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Caring Together

Overall: Good read more about inspection ratings

L D H House, Parsons Green, St. Ives, PE27 4AA 0345 241 0954

Provided and run by:
Caring Together Charity

All Inspections

6 July 2023

During a monthly review of our data

We carried out a review of the data available to us about Caring Together on 6 July 2023. We have not found evidence that we need to carry out an inspection or reassess our rating at this stage.

This could change at any time if we receive new information. We will continue to monitor data about this service.

If you have concerns about Caring Together, you can give feedback on this service.

5 October 2018

During a routine inspection

This inspection of Carers Trust Cambridgeshire took place between 5 and 26 October 2018. Our visit to the office was announced to make sure staff were available.

Carers Trust Cambridgeshire is a domiciliary care agency that provides personal care to people living in their own houses and flats in the community. It provides a service to older adults. At the time of our visit 132 people were using the service.

Not everyone using Carers Trust Cambridgeshire received a regulated activity; CQC only inspects the service being received by people provided with ‘personal care’; help with tasks related to personal hygiene and eating. Where they do we also take into account any wider social care provided.

There was a registered manager at this agency who was supported by Customer Care Officers and the organisation’s senior management. A registered manager is a person who has registered with the Care Quality Commission to manage the service. Like registered providers, they are ‘registered persons’. Registered persons have legal responsibility for meeting the requirements in the Health and Social Care Act 2008 and associated Regulations about how the service is run.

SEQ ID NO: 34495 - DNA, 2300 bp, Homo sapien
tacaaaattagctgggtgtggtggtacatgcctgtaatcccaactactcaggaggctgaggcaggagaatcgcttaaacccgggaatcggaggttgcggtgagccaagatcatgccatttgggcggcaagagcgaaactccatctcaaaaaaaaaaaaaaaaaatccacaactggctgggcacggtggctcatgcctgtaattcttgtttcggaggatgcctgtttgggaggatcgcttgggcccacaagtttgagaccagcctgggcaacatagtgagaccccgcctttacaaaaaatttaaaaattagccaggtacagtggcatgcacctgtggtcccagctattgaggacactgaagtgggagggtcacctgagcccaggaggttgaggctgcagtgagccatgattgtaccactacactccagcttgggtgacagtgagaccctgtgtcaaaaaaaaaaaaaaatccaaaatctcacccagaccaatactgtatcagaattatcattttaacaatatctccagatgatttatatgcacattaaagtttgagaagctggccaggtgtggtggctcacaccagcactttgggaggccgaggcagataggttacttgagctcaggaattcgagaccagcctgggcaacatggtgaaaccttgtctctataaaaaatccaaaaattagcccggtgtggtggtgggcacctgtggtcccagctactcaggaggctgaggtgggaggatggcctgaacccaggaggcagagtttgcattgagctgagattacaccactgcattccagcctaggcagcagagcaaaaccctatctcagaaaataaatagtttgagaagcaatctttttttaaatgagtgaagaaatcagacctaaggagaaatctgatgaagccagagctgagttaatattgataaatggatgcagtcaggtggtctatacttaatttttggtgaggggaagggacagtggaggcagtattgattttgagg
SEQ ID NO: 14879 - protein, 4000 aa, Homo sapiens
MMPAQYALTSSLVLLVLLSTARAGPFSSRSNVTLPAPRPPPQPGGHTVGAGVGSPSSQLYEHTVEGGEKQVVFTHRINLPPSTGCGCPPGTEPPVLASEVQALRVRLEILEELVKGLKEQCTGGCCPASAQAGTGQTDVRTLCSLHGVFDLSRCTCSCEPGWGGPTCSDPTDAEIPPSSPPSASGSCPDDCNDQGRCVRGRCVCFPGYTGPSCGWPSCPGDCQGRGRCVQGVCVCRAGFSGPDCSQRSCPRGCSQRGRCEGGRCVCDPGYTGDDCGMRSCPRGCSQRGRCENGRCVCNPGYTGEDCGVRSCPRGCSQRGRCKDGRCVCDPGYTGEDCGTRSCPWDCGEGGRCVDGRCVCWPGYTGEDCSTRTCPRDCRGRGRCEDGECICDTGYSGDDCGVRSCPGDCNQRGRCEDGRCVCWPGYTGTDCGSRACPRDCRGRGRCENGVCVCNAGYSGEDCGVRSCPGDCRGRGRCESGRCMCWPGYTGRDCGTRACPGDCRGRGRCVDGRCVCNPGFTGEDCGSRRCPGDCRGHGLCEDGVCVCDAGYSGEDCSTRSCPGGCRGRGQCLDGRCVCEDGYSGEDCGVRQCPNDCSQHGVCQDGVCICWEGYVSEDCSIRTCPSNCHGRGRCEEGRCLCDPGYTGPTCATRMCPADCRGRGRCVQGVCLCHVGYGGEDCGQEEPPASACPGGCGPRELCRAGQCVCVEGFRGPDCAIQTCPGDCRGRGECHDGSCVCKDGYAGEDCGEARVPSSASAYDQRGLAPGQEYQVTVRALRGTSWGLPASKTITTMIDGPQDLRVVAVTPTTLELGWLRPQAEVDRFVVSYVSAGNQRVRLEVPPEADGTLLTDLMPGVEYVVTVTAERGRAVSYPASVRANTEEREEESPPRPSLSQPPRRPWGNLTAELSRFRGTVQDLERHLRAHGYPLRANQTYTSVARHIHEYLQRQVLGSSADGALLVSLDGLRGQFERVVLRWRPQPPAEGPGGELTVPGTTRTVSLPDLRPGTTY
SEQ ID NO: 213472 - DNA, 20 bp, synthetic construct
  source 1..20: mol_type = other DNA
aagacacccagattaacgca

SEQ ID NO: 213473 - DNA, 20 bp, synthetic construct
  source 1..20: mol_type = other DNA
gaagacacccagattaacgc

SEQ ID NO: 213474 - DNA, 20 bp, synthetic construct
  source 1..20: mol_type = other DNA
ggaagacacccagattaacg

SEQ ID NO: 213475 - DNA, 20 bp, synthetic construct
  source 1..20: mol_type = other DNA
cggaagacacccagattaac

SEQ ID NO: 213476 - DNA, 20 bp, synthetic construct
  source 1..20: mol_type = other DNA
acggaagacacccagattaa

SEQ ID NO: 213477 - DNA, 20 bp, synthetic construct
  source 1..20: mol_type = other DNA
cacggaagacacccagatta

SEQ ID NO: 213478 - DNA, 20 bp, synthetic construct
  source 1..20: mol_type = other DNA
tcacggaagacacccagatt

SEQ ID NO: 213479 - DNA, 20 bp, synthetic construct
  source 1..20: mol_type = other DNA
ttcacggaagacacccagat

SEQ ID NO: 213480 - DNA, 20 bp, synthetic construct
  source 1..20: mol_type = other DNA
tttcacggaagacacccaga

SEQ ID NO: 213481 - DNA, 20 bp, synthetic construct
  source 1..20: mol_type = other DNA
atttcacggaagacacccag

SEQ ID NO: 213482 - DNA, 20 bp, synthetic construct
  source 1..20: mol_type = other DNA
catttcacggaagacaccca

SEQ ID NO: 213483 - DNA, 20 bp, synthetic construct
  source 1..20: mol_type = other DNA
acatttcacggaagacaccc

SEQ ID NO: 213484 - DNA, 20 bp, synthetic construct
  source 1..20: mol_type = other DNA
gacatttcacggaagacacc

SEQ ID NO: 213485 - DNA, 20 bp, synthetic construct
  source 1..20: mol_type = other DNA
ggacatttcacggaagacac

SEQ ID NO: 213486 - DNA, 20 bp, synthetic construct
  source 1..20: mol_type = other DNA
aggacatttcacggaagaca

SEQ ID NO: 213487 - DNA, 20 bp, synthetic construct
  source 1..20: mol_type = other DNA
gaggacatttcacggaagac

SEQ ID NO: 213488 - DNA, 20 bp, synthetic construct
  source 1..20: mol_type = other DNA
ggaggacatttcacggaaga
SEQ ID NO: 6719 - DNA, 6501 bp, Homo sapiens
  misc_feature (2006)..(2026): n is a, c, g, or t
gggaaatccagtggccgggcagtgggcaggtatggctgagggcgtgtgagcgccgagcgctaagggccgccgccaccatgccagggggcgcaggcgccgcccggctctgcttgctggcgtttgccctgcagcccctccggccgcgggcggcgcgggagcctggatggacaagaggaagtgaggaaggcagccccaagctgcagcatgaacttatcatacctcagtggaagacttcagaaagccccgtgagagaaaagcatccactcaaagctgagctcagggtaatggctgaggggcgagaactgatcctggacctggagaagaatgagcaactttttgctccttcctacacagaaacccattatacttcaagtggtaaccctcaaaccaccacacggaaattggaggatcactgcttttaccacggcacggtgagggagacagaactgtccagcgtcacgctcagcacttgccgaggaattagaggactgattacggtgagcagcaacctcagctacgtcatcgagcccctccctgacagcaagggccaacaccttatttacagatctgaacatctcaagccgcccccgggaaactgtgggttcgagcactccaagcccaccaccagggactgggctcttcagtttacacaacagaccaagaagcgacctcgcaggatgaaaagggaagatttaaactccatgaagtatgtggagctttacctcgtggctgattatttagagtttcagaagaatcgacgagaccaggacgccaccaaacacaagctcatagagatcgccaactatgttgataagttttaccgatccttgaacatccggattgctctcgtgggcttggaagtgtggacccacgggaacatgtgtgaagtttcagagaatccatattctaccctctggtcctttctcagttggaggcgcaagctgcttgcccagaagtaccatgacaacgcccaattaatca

At our previous inspection on 14 March 2016 we rated this service as Good. At this inspection we found the evidence continued to support the rating of good and there was no evidence or information from our inspection and ongoing monitoring that demonstrated serious risks or concerns. This inspection report is written in a shorter format because our overall rating of the service has not changed since our last inspection.

Staff knew how to keep people safe, how to respond to possible harm and how to reduce risks to people. There were enough staff who had been recruited properly to make sure they were suitable to work with people. Medicines were administered safely. Staff had enough equipment, such as gloves and aprons, to make sure that infection control was maintained. Lessons were learnt from accidents and incidents and these were shared with staff members to ensure changes were made to staff practice.

People’s care was planned and delivered in line with good practice guidance. People were cared for by staff who had received the appropriate training and had the skills and support to carry out their roles. Staff helped people to eat and drink and to do so in a way that also supported their health needs. Staff had information if they needed to refer people to health care professionals and they followed the advice professionals gave them.